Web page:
Views in SQL Server
You can drop a view from a database by using the DROP VIEW statement. When a view is dropped, it has no effect on the underlying tables. Dropping a view removes its definition and all the permissions assigned to it. Furthermore, if you query any views that reference a dropped view, you receive an error message. However, dropping a table that references a view does not drop the view automatically. You must drop it explicitly.
DROP VIEW view_name
view_name is the name of the view to be dropped.
You can drop multiple views with a single DROP VIEW statement. The names of the views that need to be dropped are separated by commas in the DROP VIEW statement.
If a view is defined with the select *statement and the base table is altered by adding a few columns, the new columns do not get included in the view. The asterisk(*) symbol is interpreted and expanded only when the view is created. In order to access the new columns via the view, it is necessary to drop the view and recreate it.
If the underlying object is dropped, the views based on the object becomes inactive and any attempt to query data from the view will result in an error message.
You can rename a view without having to drop it. This ensures that the permissions on the view are not lost.
The guidelines for renaming a view are as follows:
- The view must be in the current database.
- The new name for the view must be followed by the rules for identifiers.
- A view can be renamed only by its owner.
- A view can also be renamed by the owner of the database.
- A view can be renamed by using the sp_rename system stored procedure.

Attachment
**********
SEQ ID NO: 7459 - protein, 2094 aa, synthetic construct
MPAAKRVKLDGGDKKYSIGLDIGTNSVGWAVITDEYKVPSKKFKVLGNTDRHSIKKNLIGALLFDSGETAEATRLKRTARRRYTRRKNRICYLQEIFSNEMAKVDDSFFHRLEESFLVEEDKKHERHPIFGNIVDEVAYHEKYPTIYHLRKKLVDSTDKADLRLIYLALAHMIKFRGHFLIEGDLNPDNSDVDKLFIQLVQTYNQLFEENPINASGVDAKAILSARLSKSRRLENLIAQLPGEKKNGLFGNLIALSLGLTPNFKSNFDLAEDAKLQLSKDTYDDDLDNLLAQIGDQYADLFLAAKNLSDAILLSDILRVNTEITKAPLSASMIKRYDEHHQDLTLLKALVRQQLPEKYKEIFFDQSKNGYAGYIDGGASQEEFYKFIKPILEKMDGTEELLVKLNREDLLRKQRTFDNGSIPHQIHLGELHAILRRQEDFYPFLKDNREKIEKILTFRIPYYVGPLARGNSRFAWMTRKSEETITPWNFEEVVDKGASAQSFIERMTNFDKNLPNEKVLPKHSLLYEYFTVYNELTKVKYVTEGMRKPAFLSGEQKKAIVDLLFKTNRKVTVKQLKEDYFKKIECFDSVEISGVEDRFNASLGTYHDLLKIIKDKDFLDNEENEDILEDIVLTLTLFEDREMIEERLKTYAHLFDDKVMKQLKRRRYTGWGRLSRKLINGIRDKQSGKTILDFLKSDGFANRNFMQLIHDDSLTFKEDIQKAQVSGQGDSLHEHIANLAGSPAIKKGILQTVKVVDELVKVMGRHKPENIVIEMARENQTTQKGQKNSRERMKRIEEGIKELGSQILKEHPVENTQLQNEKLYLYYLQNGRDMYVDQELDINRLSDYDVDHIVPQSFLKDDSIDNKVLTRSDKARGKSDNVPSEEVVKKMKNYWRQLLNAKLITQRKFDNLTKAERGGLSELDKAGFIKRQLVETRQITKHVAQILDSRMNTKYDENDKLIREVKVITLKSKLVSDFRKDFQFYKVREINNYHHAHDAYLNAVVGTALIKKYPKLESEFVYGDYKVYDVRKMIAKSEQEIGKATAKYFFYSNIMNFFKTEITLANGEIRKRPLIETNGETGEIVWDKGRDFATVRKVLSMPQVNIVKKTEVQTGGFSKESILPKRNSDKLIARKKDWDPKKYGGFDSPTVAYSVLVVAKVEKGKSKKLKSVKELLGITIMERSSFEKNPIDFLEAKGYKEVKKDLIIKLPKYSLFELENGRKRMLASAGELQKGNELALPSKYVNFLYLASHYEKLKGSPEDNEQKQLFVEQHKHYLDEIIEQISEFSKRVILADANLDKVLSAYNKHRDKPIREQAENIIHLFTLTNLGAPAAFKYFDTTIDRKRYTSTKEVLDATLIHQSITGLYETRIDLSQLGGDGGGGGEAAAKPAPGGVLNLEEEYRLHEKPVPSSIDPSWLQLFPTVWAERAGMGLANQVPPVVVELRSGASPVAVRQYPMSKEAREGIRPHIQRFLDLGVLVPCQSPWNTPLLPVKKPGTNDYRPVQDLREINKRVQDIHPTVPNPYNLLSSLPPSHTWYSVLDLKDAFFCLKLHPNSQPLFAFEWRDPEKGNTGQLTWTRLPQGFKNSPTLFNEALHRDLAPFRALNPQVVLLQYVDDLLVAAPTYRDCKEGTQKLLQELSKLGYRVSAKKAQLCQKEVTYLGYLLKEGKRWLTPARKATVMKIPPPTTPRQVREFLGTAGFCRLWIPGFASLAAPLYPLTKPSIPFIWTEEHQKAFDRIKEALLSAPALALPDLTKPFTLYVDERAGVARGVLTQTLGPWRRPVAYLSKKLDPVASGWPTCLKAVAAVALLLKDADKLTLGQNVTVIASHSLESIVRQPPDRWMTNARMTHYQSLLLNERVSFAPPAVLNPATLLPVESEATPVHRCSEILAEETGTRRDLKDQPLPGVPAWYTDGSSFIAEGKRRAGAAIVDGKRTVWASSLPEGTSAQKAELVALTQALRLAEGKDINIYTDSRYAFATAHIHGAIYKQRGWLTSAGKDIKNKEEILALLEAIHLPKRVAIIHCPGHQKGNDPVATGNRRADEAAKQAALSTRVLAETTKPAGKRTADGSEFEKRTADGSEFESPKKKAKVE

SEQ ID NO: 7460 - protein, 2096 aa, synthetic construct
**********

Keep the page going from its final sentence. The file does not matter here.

old_viewname is the view that needs to be renamed.
new_viewname is the new name of the view.
Sp_rename vwCutomers vwCustomerDetails
Renames vwCutomers to vwCustomerDetails.
Manipulating Data Using Views
You can modify data by using a view in only one of its base tables even though a view may be derived from multiple underlying tables. For example, a view vwNew that is derived from two tables, table and table2, can be used to modify either table or table2 in a single statement. A single data modification statement that affected both the underlying tables is not permitted.
You cannot modify the following of Columns using a view:
- Columns that are based on computed values.
- Columns that are based on built_in_function like numeric and string functions.
- Columns that are based on row aggregate functions.
Consider a situation in which a table contains a few Columns that have been defined as NOT NULL, but the view derived from the table does not contain any of these NOT NULL columns. During an INSERT operation, there may be situation where:
All the NOT NULL columns in the base tables are defined with default values.
In the first case, the INSERT operation will be successful because the default values are supplied for the NOT NULL columns. In the second case, the INSERT operation will fail because default values are not supplied for the NOT NULL columns.